TEMPE, Ariz. — Larry Fitzgerald woke up Monday morning after a tough loss in San Francisco on Sunday and tweeted this:
The NFL constantly reminds us that it cares about player safety, and we genuinely believe them. But there is one thing the NFL cares about a little more: Revenue. That’s why it is willing to throw players back on the field on just three days rest after their bodies and minds have taken a beating — to do it all over again.
Cardinals coach Bruce Arians admitted on Monday that the Cardinals wouldn’t really be practicing this week in preparation for Thursday night’s game against the Seattle Seahawks at University of Phoenix Stadium.
“You don’t practice, you walk through,” he said. “Their bodies cannot practice. There’s no way a guy can practice after a game like that, or any game.”
It’s obvious that a lack of physical reps will impact a game plan, and it seems obvious that a lack of rest puts players at greater risk of injury. And yet, the Wall Street Journal reported this week that the NFL is considering adding more Thursday games — a report the NFL denied.
NFL commissioner Roger Goodell also announced last week that the league has found no evidence that Thursday night games produce more injuries than any other game. Forgive our skepticism on a sample size of 21 games. Simple logic dictates that when a body has not fully healed from previous injuries, it should not be rushed back into harm’s way again — not to mention the cumulative effect that two games in such short order have on a body.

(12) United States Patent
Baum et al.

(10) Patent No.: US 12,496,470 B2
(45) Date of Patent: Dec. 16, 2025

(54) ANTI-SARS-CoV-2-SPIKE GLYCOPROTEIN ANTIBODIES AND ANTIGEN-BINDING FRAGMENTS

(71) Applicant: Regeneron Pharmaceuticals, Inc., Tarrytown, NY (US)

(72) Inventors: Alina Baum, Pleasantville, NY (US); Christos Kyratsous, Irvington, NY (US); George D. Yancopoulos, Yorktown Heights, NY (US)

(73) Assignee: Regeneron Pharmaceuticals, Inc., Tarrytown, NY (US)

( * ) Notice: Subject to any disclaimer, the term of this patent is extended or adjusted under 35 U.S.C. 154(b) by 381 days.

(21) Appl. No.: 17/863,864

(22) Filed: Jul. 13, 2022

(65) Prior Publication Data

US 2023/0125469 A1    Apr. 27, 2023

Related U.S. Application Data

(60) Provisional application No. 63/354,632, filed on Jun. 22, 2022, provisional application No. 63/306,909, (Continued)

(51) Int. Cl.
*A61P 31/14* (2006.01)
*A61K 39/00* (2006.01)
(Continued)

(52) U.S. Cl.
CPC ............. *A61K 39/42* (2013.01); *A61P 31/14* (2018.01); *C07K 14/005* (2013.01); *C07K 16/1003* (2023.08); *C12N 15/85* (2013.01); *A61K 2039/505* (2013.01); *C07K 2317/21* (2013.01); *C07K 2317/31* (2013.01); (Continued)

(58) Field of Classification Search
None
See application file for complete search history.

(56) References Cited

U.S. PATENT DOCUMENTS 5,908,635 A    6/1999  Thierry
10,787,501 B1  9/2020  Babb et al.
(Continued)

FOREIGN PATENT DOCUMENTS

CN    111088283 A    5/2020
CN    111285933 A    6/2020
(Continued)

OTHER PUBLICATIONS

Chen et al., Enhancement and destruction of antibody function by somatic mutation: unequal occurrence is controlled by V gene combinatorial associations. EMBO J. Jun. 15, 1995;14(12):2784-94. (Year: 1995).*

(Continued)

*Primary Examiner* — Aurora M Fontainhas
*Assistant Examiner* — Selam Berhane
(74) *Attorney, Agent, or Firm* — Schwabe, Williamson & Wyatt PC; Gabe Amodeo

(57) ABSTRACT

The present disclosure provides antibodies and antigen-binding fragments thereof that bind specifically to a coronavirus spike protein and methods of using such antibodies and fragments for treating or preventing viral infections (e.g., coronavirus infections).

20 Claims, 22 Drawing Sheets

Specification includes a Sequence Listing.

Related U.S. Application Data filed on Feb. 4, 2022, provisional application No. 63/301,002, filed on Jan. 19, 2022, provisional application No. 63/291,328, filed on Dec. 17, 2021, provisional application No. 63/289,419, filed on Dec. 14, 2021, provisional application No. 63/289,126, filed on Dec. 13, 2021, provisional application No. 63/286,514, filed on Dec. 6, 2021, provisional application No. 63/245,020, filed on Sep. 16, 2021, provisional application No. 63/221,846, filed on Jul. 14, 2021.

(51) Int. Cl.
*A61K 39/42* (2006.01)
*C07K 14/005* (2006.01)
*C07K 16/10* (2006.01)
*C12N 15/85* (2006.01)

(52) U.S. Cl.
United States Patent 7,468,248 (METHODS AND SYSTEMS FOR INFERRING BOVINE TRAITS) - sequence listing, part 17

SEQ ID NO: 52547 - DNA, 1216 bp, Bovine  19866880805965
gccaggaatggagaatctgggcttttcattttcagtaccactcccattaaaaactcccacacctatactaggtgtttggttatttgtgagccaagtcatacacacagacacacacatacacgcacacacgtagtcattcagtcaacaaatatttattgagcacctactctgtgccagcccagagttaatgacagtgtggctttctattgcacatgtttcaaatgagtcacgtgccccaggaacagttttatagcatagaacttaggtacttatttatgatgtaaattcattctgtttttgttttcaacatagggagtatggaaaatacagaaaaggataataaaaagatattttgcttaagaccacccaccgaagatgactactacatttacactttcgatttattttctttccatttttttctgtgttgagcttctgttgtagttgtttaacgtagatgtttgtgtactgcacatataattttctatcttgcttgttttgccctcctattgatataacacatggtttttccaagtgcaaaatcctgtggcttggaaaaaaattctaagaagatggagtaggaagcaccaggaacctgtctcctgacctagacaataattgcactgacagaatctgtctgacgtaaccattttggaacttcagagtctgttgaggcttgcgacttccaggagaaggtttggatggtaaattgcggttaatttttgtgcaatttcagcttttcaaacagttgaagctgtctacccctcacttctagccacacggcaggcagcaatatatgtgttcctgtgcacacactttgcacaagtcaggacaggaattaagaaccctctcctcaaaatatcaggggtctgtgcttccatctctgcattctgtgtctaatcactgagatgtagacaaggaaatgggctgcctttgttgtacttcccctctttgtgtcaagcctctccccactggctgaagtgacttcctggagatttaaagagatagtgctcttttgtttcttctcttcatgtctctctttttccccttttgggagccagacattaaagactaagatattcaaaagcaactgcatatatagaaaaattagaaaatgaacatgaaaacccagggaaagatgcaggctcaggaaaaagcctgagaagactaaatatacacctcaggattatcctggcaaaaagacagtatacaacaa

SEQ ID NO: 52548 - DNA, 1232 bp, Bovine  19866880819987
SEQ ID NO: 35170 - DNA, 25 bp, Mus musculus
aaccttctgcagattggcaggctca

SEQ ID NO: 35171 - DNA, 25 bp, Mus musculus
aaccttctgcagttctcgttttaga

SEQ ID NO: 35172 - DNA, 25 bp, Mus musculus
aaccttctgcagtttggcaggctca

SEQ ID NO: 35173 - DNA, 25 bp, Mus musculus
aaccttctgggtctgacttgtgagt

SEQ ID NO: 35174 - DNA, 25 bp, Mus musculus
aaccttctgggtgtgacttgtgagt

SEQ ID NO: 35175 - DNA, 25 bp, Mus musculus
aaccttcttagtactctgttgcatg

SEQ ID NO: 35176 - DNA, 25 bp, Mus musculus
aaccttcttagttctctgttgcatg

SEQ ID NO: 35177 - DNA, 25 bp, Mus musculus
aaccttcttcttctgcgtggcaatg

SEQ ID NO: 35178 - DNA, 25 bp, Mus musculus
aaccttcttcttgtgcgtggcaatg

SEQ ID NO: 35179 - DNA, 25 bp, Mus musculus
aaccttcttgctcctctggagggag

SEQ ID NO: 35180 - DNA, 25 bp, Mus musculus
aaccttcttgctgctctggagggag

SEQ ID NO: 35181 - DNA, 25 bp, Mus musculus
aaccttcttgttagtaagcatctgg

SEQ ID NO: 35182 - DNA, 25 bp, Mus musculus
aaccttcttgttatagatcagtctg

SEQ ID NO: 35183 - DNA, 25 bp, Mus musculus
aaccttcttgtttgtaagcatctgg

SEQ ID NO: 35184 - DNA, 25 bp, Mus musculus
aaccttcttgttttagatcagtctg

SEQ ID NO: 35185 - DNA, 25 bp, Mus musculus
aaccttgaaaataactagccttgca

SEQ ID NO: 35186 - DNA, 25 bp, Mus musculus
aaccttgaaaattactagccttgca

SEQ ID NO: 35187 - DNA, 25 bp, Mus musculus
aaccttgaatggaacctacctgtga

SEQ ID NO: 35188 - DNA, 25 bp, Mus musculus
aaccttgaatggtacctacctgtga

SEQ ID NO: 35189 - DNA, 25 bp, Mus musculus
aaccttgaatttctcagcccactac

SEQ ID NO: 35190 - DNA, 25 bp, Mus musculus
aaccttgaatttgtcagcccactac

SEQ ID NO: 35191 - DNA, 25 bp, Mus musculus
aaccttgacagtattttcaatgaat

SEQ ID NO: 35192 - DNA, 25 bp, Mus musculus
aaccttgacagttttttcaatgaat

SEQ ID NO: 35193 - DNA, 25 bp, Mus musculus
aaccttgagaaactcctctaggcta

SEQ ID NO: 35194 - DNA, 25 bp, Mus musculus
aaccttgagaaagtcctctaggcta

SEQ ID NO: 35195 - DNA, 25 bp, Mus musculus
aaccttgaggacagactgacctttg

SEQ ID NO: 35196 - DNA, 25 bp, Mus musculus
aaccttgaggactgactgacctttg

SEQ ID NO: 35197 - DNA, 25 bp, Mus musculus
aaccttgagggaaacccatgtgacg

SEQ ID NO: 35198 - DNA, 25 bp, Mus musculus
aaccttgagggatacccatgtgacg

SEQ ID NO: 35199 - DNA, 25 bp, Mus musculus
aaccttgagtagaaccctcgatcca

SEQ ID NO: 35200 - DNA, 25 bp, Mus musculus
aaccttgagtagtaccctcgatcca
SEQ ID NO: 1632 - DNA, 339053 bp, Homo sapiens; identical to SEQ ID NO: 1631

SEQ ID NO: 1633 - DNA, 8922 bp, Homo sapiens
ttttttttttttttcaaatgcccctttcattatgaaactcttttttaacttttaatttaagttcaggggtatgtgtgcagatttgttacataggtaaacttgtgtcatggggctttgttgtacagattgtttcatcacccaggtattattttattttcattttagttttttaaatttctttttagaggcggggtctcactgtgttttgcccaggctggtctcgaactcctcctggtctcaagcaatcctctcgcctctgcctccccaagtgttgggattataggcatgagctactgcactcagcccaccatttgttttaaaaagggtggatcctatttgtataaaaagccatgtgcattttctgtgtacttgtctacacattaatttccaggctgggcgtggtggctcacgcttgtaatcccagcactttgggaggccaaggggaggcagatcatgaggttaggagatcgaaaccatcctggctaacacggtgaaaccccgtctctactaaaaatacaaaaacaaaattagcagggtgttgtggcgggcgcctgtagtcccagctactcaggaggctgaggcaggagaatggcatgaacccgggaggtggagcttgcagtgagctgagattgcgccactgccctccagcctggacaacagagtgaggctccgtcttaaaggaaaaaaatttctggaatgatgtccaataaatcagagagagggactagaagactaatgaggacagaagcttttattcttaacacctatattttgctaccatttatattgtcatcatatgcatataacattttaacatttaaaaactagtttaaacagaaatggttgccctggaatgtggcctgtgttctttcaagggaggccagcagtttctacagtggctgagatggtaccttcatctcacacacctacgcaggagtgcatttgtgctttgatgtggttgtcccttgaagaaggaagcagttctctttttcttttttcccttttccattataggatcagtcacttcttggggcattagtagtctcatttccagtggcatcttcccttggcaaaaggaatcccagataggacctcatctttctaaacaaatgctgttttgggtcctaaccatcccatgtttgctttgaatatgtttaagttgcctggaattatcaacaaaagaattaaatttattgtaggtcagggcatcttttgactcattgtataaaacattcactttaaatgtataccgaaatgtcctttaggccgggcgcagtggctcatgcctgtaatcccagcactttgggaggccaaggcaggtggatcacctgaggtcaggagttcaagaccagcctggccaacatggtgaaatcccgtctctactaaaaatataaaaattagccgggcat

“I love hearing that stuff from guys who never played the game at this level,” said one player, who requested anonymity. “Roger Goodell has never been a guy who gets it.”
Thursday’s game might be even harder on the Seahawks, who have to travel on a short week, but both clubs are resigned to their fate.
“I can’t do anything about it,” Cardinals defensive tackle Darnell Dockett said. “If they tell us to go play on Thursday, we have to go play on Thursday.”
Seahawks coach Pete Carroll is at least heartened by the fact that both teams are in the same situation.
“We know that it’s relative. It is a challenge, though,” Carroll said. “It’s a physical challenge on these guys to get their bodies to come back this fast.”
That’s not the only challenge this week. Preparation is another.
Arians joked that his staff started game-planning for this matchup last summer because he knew the team wouldn’t have any significant practice time this week. So if it sounds like both teams are in survival mode as the game approaches, well, that’s because they are.
“We have to get through this thing,” Carroll said, “Get all the studying done, get all the buildup properly handled and hope that physically they are ready to cut it loose.”